Lee Tae-joon was born on November 23rd, 1883 in Gyungsannam-do Hamangun and began his studies to become a doctor around 1905 when the Eulsa Treaty went into effect, taking away Korea’s sovereignty and turning it into a protectorate of Japan. Starting in 1907, Lee studied at Severance Hospital’s Medical School (now a part of Yonsei University) under the direction of Olive R. Avison, an American missionary doctor.
Lee first came in contact with Korea’s independence movement and its activists while working as a clerk at a shop across the entrance to Severance Hospital. It was operated by Kim Pil-sun and Kim Pil-sun’s brother Kim Yoon-oh, the former of whom would remain Lee’s lifelong teacher and comrade. The 2nd floor of Kim’s shop was used during the time Lee was there as a meeting place for the Shinminhoe or New People Society. Due to this, Lee met many activists of the Korean independence movement and became interested in being involved. Here, he also met Ahn Chang-ho who suggested he join the organization’s sister group, the Chamaedanchae or Students Association.
In May of 1911, Lee easily passed his graduation exams and became a part of the second graduating class at Severance Hospital’s Medical School, being one of six students. He received his appointment shortly thereafter from the Governor-General of Joseon to practice medicine. However his medical career in Korea would be cut short after he and Kim Pil-sun obtained prior knowledge of a future plan by Japanese police to round up the Shinminhoe members after Ahn Jung-geun’s shooting of Ito Hirobumi in Harbin, China. Lee and Kim thus decided to make their way to China in December of that year.
In later letters written to fellow comrade Ahn Chang-ho while he was in America, Lee and Kim both listed their reason for leaving to China to also be because of their admiration for the Chinese Revolution that had taken place. Lee settled in Nanjing, China where he eventually became employed as a Christian missionary doctor. His letters to Ahn detail a difficult time. Lee struggled with things like finances and the language barrier. However, also during this time, Lee began forming relationships and connections with revolutionary party figures and also traded with Korean students who were part of the student group of the Chinese revolutionary group.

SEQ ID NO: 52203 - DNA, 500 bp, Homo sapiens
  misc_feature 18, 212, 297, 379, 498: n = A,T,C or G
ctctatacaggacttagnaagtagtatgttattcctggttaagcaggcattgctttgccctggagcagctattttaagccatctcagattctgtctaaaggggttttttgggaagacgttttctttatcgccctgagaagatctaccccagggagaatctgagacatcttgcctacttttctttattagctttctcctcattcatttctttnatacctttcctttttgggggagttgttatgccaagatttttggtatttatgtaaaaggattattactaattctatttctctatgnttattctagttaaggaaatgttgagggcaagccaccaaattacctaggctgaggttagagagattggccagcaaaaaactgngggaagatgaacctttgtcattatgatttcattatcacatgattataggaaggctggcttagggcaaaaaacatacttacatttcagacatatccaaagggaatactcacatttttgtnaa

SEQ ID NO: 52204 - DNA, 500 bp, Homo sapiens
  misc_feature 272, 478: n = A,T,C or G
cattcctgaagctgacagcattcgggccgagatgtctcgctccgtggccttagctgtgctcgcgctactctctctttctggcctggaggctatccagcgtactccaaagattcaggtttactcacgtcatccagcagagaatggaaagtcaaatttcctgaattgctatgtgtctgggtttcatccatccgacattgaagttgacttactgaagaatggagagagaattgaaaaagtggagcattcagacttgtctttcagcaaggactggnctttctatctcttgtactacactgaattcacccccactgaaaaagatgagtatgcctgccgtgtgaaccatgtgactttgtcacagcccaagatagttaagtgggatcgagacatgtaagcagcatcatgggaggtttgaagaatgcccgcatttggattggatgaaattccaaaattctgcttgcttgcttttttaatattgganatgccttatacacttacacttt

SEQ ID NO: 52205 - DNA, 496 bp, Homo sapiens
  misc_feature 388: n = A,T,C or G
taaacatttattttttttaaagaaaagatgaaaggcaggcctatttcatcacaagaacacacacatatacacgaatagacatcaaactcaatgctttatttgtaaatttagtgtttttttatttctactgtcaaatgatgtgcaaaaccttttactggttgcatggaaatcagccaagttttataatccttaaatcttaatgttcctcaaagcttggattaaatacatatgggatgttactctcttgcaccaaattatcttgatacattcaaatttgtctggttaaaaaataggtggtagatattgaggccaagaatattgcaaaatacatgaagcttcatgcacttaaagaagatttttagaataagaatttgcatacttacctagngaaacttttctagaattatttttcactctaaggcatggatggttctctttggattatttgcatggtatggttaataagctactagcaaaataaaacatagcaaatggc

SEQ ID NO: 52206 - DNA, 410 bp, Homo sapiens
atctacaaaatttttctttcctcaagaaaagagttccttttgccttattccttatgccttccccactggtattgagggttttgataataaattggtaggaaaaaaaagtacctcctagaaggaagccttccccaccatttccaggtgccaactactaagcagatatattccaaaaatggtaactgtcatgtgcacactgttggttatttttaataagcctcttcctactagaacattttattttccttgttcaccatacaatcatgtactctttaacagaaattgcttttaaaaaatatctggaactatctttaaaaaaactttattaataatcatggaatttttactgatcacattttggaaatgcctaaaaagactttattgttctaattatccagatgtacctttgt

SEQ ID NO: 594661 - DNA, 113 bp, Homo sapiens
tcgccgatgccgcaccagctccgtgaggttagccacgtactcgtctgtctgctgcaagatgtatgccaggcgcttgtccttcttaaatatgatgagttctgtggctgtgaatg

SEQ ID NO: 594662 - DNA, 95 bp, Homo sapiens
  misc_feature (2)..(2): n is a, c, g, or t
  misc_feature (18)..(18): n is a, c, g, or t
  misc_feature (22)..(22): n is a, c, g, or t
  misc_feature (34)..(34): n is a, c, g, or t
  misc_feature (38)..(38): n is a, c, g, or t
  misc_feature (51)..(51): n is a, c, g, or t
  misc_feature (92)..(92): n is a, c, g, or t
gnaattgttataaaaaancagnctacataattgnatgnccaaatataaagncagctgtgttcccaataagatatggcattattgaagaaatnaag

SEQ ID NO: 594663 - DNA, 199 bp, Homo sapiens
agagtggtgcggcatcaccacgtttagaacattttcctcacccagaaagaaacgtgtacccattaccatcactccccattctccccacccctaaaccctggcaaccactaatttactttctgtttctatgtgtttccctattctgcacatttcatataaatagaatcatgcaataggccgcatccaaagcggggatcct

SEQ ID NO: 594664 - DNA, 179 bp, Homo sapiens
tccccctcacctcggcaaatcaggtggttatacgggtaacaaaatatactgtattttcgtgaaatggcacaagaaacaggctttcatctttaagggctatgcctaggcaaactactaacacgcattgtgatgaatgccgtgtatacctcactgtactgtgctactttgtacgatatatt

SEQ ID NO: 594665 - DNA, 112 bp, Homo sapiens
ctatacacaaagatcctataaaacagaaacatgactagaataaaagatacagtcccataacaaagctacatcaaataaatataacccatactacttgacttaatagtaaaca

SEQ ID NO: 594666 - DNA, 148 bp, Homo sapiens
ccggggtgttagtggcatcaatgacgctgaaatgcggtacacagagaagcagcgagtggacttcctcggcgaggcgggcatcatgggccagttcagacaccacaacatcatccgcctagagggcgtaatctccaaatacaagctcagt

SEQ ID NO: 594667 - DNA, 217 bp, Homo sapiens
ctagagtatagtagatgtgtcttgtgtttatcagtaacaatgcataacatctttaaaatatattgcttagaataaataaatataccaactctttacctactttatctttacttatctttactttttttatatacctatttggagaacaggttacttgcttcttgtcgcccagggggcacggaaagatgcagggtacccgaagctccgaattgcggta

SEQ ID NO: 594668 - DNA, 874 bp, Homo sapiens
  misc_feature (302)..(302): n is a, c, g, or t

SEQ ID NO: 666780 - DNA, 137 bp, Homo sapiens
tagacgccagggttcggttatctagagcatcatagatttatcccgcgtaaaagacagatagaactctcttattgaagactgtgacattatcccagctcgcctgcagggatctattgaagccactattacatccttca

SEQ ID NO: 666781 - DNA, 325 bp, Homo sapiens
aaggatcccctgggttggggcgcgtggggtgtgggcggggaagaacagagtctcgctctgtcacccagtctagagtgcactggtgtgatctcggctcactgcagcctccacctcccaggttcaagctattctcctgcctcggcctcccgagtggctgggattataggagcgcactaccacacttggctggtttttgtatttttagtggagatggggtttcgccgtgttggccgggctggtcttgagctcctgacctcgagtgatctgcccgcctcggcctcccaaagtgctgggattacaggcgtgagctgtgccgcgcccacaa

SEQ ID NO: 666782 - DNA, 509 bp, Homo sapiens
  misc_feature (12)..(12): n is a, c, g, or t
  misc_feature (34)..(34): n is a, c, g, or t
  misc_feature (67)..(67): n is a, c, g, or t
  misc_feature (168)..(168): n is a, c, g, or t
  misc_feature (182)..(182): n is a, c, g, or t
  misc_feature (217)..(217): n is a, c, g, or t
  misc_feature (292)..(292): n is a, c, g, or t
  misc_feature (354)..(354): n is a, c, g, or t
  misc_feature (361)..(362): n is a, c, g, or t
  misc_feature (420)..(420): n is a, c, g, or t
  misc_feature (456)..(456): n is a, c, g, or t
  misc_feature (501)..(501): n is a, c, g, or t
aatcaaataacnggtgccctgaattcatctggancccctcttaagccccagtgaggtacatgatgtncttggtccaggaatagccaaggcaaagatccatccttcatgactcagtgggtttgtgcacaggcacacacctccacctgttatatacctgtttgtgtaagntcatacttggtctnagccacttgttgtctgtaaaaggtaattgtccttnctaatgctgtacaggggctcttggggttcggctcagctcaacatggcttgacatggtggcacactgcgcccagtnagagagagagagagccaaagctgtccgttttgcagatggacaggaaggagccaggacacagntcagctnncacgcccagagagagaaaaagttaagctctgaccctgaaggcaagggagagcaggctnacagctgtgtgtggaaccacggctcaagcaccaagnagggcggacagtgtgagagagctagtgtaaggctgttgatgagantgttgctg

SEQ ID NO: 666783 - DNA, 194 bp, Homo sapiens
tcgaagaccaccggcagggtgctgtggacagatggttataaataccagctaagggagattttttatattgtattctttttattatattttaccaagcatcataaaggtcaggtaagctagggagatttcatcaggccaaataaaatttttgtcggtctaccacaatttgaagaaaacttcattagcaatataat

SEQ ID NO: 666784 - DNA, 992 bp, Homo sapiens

In 1914, Lee left Nanjing, China for Ulaanbaatar, Mongolia. His motives for leaving are not quite known but it is speculated he left when he caught wind that Kim Kyu-shik, a fellow activist, had plans to establish a secret military school in Ulaanbaatar. Lee became well established in Mongolia. As modern medicine was not widespread in the country, up to 70-80% of the population suffered from venereal diseases, and Lee’s medical work became highly recognized. He entered the Mongolian royal palace and earned the trust of the Mongolian royal family, including becoming the Mongolian king’s doctor. The last Khan, Bogd Khan, awarded him with a National Medal in July of 1919 for his efforts and achievements.
While practicing medicine, Lee was still deeply involved in the Korean independence movement and provided funds to Kim Kyu-shik, the head of the Shinhan Chungchong Party, who would be sent to the Paris Peace Conference. Lee was also in charge of transporting 120,000 rubles for the Heroic Corps. He successfully transferred 80,000 rubles but in February 1921, when the Russian army took over Ulaanbaatar, Lee was killed by Roman von Ungern-Sternberg, also referred to as the Mad Baron. Lee had stayed in the city, presumably due to his responsibility of over 40,000 more remaining rubles that needed to be transported for the Korean independence movement. He was just 38 years old when he died.
Due to there being a lack of records for the activist, Lee went unrecognized for a very long time. It was only in 1990 when he gained recognition for his efforts in aiding the independence movement. However, there is still a lack of information about Lee, leading most of the information about his life to be drawn from documents such as Severance Hospital’s registry and his letters with Ahn Chang-ho. In 1990, he received South Korea’s Order of Merit for National Foundation and in 2000, a monument, and in 2001, a memorial park was built with the support of the Mongolian government, Mongolian Yonsei Hospital, Yonsei University Health System and the Alumni Association of the College of Medicine in Yonsei University.